Rahul, Congress to take left turn, to re-brand itself as 'pro-poor'

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After Rahul Gandhi's 'sabbatical' and strenuous brainstorming sessions, the grand old party of India, Congress, is in revival mood and is all set to rehash old party shibboleths to project itself as a pro-poor party.

Sources say that Rahul Gandhi is expected to spearhead a national mass-contact programme against NDA's land acquisition bill, and its 'anti-poor' policies, after his return.


The party is positioning itself to the big day when its vice-president Rahul Gandhi's will take over leadership from his mother as the party's next chief at the AICC session in early April.

There are believers in the party that if the party has to survive and get back on track, it needs to go back to its Congress slogan of "garibi hatao", which yielded great dividends in the 1971 elections for Indira Gandhi.

The congress party has traditionally supported socialist economic policies within the framework of a mixed economy. It has supported secular policies and pro-poor programmes to encourage equal rights for all citizens, including those in lower castes.

History confirms that the Congress has relished in elections whenever they have projected itself as pro-poor party.

Congress pro-poor initiatives:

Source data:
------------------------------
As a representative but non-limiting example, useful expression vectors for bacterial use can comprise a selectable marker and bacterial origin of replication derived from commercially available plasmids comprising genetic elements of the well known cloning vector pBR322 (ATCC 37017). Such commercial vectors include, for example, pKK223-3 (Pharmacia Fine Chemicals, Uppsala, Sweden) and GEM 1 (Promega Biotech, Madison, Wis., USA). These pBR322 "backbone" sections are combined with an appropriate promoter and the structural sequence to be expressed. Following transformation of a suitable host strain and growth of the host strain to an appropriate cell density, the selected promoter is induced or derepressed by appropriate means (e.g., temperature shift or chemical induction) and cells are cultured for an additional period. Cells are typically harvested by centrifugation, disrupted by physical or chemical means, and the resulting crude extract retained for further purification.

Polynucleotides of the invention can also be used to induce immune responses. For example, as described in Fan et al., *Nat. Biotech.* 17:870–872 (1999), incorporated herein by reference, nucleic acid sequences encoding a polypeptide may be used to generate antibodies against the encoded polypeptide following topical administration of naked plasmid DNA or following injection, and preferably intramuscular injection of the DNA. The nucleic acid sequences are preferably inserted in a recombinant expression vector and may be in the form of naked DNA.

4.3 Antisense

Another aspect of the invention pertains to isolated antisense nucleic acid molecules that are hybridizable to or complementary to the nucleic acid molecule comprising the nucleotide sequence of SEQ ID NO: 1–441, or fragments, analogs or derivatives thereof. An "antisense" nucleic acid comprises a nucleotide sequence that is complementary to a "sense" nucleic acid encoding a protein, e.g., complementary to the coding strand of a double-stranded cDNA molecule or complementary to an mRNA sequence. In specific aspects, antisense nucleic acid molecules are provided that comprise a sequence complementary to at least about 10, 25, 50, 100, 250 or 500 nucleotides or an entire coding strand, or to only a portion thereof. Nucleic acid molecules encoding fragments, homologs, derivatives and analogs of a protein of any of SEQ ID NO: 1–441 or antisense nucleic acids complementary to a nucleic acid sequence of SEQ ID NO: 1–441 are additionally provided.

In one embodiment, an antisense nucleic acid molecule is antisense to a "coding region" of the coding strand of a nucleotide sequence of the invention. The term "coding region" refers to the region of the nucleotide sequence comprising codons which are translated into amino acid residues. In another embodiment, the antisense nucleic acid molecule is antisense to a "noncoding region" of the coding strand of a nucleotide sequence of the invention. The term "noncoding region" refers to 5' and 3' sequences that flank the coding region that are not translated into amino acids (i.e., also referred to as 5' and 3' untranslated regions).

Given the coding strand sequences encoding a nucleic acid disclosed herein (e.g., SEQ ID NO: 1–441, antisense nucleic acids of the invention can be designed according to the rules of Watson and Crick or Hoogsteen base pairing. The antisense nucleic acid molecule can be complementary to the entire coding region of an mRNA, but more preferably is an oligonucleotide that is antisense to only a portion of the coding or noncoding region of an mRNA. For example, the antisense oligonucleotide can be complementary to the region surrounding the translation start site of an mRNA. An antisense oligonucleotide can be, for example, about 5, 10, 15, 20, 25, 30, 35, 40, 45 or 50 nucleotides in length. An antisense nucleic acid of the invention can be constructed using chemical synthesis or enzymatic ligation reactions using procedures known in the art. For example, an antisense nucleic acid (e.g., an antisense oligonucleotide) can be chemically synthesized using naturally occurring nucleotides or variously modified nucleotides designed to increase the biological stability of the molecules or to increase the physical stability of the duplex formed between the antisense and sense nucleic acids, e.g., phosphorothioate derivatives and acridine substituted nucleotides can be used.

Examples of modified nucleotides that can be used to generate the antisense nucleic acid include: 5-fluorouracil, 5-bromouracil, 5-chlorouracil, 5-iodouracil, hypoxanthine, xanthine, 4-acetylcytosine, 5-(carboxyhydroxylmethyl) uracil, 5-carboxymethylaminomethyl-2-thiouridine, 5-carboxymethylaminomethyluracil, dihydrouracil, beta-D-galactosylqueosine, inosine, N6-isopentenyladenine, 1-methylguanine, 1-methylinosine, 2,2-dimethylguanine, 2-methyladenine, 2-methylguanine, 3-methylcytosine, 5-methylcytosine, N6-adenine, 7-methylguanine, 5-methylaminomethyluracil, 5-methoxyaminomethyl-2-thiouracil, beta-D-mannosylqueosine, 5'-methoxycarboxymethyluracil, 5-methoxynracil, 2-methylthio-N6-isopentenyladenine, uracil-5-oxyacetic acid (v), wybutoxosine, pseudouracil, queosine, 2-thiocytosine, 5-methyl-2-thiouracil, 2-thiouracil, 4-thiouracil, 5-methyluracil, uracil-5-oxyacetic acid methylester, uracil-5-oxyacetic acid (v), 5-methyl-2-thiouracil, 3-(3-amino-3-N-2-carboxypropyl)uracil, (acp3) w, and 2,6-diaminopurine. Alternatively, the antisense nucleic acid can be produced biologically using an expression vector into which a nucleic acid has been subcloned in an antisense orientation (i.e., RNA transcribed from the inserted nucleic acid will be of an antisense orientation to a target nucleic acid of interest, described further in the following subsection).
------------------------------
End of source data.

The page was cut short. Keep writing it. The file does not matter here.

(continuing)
Congress have doled out many sops in the past, and had electoral gains.

Loan waiver: If the political imperative driving the Rs 52,000 crore loan waiver before the 2009 election brought some stern reactions, it proved to be UPA-1's poll masterstroke.

National Rural Employment Gurantee Act(NREGA): Launched in the year 2006, The "largest social welfare scheme of its kind in the world" has reportedly benefited a major chunk of rural household in India.

Food Security: The bill was very widely viewed as a "pet project" of Party President, Sonia Gandhi. Although it didn't make much headway, it is to be noted that there has been a three-fold increase in food subsidy during the UPA tenure.

BJP 'anti-poor':

According to Census 2011, there are 118.9 million 'cultivators' across the country or 24.6% of the total workforce of over 481 million, making them the second-largest group in the workforce in absolute numbers.

Congress is hoping to capitalize on Modi government's 'anti-poor' and pro-corporate image after land acquisition law controversy, reduction in the number of eligible beneficiaries of the Food Security Act and his scathing remark on MNREGA.

Rahul Gandhi had recently quoted saying that NDA is diluting pro-poor laws allowing industrialists to grab land belonging to the poor. "BJP is interested in building roads, railway lines and power projects, but wants only the rich to use it." Rahul said.

He assured that the Congress party is for all poor and that law to benefit farmers who would get right price for their land.

The demolition of nearly 500 dwellings in a south Delhi slum had added more damage to BJP's image and had a telling effect on Delhi election, where AAP called BJP-led central government and the local BJP leaders of being anti-poor.

Assembly elections:

The party's great fall started in the Lok Sabha elections and decimated in Maharashtra, Haryana, Jharkhand and Delhi.

The Congress party is optimistic that the new brand of left-leaning politics would regain its lost ground in assembly elections of Assam, Kerala, Puducherry, Tamil Nadu and West Bengal in 2016, and Uttar Pradesh, Punjab, Uttarakhand, Goa and Manipur in 2017, before the biggest test in Lok Sabha elections-2019.

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